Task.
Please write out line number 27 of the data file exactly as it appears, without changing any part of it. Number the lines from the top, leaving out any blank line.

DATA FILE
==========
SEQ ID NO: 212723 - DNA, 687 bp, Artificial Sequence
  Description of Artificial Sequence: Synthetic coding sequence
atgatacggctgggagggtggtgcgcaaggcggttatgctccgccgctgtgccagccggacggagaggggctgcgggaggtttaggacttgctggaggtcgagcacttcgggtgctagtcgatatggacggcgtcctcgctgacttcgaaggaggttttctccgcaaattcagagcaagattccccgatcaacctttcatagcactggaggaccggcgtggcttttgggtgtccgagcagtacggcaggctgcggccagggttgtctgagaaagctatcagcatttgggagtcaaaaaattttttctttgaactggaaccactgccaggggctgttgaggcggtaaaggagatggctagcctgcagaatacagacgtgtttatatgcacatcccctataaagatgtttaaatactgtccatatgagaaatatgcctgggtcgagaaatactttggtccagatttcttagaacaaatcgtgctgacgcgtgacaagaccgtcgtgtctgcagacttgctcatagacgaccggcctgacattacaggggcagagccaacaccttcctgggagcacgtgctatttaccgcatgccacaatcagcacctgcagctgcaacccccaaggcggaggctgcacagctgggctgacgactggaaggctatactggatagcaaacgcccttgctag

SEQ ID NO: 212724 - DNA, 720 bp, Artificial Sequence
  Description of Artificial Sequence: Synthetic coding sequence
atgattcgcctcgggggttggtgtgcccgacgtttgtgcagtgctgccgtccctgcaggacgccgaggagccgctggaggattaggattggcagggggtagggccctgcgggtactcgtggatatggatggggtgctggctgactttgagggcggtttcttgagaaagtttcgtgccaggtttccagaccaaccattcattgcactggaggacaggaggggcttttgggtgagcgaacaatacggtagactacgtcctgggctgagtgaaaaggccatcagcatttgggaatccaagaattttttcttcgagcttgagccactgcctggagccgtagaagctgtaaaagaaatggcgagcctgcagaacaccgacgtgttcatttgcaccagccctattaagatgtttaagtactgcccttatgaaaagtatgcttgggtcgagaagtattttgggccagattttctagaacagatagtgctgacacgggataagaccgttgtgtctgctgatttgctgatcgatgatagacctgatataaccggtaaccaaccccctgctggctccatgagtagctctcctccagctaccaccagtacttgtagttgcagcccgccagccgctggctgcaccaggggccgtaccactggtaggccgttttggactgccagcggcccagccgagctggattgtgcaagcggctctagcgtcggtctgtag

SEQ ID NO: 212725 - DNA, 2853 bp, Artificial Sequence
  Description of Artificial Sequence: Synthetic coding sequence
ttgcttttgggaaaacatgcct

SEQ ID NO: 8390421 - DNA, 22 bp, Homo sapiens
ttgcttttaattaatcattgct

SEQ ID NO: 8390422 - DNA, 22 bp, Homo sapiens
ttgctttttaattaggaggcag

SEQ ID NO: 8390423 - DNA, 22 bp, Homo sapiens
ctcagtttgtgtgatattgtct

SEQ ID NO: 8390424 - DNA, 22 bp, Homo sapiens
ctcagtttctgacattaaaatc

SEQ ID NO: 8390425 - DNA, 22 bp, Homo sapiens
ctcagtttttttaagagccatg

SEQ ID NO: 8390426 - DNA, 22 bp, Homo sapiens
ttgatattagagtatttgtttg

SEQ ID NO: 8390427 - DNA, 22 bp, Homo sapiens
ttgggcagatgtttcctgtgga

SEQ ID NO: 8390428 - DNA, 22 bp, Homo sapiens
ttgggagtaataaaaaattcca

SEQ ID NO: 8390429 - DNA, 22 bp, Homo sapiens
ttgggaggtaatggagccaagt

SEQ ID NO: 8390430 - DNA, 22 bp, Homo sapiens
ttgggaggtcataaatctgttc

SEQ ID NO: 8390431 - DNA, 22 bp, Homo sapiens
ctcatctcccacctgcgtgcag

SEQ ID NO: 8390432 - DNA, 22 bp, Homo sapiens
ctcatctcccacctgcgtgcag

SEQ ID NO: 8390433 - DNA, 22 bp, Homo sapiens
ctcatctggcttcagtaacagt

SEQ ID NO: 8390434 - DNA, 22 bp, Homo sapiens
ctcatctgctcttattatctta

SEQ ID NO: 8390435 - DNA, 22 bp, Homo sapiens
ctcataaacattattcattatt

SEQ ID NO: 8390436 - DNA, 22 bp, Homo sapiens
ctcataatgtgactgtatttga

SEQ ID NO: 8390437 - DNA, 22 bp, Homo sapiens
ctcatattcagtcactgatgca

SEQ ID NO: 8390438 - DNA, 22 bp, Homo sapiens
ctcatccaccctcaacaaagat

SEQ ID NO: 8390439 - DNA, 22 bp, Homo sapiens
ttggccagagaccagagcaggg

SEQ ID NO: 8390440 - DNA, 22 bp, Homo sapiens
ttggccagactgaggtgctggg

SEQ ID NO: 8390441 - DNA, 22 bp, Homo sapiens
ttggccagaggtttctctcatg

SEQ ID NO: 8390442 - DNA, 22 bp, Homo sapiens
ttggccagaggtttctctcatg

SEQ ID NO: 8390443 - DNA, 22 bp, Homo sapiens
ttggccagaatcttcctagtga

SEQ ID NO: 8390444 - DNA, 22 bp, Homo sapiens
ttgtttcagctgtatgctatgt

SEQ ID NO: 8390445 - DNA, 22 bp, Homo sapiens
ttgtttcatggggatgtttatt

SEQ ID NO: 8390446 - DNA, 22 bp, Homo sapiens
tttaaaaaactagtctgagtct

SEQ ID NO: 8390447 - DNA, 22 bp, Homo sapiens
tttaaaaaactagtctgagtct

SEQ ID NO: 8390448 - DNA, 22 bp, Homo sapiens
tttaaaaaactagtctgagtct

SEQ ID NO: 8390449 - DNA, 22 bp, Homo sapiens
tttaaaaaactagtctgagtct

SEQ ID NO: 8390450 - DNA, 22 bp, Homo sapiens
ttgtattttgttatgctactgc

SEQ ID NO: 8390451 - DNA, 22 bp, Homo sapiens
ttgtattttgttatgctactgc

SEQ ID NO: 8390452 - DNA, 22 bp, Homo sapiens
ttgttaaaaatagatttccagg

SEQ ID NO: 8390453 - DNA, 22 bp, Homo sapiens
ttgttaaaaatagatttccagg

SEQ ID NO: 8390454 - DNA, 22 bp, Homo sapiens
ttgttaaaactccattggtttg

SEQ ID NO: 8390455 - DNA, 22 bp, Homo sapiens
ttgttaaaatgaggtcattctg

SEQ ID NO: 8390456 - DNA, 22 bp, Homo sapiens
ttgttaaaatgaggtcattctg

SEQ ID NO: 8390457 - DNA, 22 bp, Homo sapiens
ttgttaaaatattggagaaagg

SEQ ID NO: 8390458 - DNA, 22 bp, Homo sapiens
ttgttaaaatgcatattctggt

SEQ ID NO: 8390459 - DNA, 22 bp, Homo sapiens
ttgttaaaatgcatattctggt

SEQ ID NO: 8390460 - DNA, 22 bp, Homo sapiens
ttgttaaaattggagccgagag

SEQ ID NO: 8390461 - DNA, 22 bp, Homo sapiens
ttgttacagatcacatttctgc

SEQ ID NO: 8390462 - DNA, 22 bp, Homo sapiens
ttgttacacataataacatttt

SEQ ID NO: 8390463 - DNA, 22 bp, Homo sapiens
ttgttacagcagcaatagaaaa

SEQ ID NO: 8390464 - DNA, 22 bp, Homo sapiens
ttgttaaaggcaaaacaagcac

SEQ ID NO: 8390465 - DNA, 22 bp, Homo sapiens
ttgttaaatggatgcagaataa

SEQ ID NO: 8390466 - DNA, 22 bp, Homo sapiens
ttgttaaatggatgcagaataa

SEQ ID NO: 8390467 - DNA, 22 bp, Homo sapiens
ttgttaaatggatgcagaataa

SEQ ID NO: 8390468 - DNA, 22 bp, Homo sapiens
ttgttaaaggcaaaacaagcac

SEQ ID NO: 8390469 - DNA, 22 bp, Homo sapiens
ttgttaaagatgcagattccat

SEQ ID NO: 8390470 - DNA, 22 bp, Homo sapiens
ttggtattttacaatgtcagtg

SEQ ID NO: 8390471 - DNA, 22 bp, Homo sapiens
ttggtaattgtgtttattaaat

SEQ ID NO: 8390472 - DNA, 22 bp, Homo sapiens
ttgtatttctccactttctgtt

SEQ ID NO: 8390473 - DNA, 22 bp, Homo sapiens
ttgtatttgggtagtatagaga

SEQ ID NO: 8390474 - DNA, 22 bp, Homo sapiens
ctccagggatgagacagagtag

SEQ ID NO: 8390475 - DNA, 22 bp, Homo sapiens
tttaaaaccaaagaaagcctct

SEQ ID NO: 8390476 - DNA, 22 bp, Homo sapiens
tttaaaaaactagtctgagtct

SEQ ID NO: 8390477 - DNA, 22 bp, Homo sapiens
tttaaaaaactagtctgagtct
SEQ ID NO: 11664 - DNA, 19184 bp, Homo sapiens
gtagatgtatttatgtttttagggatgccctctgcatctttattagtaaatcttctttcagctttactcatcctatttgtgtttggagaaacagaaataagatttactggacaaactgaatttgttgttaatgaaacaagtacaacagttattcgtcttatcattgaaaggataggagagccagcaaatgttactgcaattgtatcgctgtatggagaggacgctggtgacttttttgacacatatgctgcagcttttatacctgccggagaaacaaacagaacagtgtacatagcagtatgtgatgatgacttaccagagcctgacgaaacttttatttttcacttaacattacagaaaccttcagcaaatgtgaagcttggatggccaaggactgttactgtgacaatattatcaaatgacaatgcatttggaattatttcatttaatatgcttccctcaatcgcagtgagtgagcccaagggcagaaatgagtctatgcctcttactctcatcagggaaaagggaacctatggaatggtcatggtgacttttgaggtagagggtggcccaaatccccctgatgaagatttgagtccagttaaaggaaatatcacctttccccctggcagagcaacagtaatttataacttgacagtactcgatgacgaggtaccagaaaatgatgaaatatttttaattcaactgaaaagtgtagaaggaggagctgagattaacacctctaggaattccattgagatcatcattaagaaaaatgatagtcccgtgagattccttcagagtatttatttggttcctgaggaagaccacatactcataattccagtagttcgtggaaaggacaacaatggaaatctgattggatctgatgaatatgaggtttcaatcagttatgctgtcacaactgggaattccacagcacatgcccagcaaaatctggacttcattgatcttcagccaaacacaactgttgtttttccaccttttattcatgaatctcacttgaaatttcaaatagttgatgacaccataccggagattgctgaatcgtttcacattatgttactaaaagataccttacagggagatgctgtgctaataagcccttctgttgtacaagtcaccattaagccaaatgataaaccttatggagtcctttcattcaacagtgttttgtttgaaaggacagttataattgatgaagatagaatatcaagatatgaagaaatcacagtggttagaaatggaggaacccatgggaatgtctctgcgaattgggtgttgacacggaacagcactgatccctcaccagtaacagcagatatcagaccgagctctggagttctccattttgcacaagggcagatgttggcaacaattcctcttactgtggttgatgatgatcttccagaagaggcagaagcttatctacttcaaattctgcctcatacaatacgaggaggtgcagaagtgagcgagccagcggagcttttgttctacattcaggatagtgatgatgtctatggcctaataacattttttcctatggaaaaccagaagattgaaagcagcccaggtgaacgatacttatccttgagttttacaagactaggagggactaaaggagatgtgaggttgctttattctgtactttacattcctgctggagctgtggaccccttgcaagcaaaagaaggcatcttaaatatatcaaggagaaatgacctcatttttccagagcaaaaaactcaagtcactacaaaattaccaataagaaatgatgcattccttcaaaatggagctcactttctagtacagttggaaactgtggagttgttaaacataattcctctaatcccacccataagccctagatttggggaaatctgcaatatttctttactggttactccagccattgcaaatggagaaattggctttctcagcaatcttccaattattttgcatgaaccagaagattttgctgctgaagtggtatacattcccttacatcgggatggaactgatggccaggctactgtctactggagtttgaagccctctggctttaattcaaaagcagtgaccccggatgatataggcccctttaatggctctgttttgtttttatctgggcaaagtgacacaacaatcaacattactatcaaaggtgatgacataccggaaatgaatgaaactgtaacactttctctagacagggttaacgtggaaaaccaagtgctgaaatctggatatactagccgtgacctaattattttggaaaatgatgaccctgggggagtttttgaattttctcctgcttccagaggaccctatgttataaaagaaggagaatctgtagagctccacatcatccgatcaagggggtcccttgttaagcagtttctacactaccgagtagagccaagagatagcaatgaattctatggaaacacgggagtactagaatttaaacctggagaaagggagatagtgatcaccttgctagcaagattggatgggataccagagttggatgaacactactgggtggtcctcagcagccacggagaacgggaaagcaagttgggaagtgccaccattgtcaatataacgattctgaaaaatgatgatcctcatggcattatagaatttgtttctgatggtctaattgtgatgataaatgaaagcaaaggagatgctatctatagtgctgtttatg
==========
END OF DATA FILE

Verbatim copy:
ttgggaggtaatggagccaagt